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IITs, IIMs Should Look at Diversity in Ivy Leagues, Not Consider Caste Policies West Would Brand Racist

A file photo of the IIT Delhi campus. (Wikimedia Commons)

A file photo of the IIT Delhi campus. (Wikimedia Commons)

The top 10 IIMs have about 10 faculty members from SC/ST backgrounds out of 600 total faculty members. There is one Muslim faculty member in the top four IIMs.

A committee comprising Indian Institute of Technology directors and members of government ministries recently recommended for removal of reservation in IIT faculty recruitment. Ironically, the committee was set up to provide an explanation as to why faculty reservation is not fulfilled. The committee has, instead, asked for targeted faculty searches as is done in the west.

It also suggested starting a programme to train students from SC/ST/OBCs backgrounds for a period of two years before inducting them into PhD, with no guarantee of PhD admission. The reason cited by the committee for exemption from implementing reservations in faculty recruitment is ‘commitment to excellence’. A similar letter was written by IIM Directors to the Ministry of Education asking IIMs to be exempt from faculty reservations.

What is academic excellence as per the elite?

We must break down this “academic excellence” argument. IITs are known the world over for their exceptional students in their B Tech programmes. What separates the B Tech programs from all other programs at the IITs is its intake through the JEEs (Joint Entrance Exam). These exams are considered one of the toughest exams in the world.

Despite the argument that JEE score can be “manufactured” through coaching centres, rather than being a measure of intelligence, it still provides a measure of analytical abilities of the candidate. This is the reason why the B Tech graduates from the IITs are sought after worldwide.

Since the IITs have used this as the selling point of academic merit, how does it correlate with the claimed merit of faculty members? Except for a minuscule number, most of the faculty in the IITs have never cleared the JEE. So, the selling point of the IIT brand, an entry through the JEE, a proxy for excellence, doesn’t qualify the faculty members.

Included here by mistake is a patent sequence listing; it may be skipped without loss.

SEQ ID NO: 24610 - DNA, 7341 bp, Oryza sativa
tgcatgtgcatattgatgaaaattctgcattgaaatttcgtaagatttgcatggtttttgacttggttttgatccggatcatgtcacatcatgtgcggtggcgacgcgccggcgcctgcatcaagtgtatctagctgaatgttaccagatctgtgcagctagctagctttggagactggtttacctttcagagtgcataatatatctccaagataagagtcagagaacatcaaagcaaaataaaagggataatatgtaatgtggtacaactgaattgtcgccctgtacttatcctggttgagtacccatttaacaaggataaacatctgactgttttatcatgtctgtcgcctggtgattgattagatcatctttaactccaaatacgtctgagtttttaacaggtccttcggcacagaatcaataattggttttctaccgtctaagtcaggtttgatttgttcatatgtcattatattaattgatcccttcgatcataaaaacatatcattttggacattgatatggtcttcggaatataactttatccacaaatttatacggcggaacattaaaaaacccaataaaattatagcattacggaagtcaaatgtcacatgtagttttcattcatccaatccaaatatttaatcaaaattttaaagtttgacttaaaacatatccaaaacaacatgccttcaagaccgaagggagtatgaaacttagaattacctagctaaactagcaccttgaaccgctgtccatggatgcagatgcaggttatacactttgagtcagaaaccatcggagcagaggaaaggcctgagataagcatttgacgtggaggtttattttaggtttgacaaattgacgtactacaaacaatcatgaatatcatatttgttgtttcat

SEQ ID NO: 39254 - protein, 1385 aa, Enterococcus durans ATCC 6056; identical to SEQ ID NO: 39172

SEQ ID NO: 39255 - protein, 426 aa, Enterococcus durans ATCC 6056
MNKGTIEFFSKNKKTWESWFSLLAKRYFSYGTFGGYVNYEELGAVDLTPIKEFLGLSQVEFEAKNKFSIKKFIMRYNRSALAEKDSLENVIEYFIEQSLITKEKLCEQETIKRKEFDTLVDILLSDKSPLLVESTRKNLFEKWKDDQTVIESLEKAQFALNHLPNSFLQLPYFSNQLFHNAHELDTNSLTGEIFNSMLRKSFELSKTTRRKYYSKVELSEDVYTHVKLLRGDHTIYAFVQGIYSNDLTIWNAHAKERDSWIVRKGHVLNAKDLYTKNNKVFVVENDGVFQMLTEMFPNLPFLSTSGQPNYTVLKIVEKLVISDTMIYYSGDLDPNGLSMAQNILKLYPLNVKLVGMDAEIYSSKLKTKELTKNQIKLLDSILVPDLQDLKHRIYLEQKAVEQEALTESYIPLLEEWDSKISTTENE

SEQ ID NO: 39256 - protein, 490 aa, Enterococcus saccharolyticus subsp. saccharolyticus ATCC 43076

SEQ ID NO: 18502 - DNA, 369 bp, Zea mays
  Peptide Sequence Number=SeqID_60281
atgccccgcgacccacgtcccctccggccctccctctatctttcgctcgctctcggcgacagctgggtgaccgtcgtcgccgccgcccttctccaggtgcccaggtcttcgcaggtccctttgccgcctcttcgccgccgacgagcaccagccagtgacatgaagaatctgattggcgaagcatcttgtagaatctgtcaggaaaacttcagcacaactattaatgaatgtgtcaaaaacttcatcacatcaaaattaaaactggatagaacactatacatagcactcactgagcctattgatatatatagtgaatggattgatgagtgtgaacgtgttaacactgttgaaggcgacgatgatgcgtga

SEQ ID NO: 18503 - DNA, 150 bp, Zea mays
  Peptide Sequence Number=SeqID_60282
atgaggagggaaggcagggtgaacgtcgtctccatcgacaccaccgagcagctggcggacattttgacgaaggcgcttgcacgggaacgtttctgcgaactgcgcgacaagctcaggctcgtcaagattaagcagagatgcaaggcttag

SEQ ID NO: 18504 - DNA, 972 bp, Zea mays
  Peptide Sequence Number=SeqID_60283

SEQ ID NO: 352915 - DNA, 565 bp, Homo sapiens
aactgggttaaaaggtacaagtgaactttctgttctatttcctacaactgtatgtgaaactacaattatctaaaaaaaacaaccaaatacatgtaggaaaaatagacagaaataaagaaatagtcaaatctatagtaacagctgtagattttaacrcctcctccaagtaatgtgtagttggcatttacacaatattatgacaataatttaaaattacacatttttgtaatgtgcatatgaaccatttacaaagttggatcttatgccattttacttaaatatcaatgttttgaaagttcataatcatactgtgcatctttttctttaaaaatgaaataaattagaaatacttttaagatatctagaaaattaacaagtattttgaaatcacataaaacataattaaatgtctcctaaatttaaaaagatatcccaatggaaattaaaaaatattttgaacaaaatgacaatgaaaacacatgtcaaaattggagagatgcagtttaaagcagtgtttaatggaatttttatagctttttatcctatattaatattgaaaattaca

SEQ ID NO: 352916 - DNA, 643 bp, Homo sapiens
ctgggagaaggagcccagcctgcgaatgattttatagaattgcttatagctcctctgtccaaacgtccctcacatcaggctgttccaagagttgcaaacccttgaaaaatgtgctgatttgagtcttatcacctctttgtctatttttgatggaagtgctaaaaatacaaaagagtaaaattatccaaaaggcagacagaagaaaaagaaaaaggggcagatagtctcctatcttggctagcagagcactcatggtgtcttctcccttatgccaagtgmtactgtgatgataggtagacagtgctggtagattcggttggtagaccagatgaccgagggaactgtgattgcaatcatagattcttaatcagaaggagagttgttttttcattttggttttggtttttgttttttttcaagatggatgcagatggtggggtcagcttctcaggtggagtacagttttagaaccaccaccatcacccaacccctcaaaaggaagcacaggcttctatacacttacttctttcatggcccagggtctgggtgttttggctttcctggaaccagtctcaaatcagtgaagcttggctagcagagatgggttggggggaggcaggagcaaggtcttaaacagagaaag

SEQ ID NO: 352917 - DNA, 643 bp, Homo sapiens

Let us also understand how the IITs assess their faculty members during recruitment. The way research unfolds, it can be safely concluded that the PhD and Postdoctoral publications and experience are really a reference to the guide under whose guidance the candidate has worked and not necessarily the intrinsic merit of the candidate. What the IITs are really advertising as merit in their faculty hires is nothing other than their candidate being at the right place at the right time working under the right people.

This also implies that if the SC/ST/OBC candidates were to work with the same guides, they would have the same credentials. The argument that the SC/ST/OBC candidates lack the abilities (as is always lazily advertised) even after being provided the opportunities fall flat given that the IIT faculty members themselves are of average aptitude based on their failure to qualify the JEE.

Also, research in science and technology is about ideas and ideas cannot be learned through rote learning. A wide variety of ideas come through diverse backgrounds. Diverse recruitment would only add to research output, instead of hiring from a narrow pool of higher caste candidates who have a resume only because of being connected with influential guides.

Look at Ivy Leagues

Except for a minuscule number, the vast majority of faculty members at the IITs are unable to secure faculty positions abroad, and IITs offer a convenient place to further their academic careers. For all the acclaimed merit, except for a minuscule number, the faculty members at IITs are not known internationally for their contribution to research.

The reason to bring this up is that one should consider how the recruitment is done from a very diverse pool in the world-renowned research institutions. Considering the California system of universities, the majority of them are of Ivy League status and are the highest-ranked in the world in terms of research achievements, unlike the IITs that do not figure anywhere. Refer to the University of California diversity recruitment policies that specifically lay down the guidelines as to how targeted hiring must be done to ensure any gaps that cannot be explained.

The policy lays down, the faculty numbers for women and minorities should be in proportion to their population and if found lower, targeted recruitment must be undertaken. That is the modus operandi of an Ivy League institution.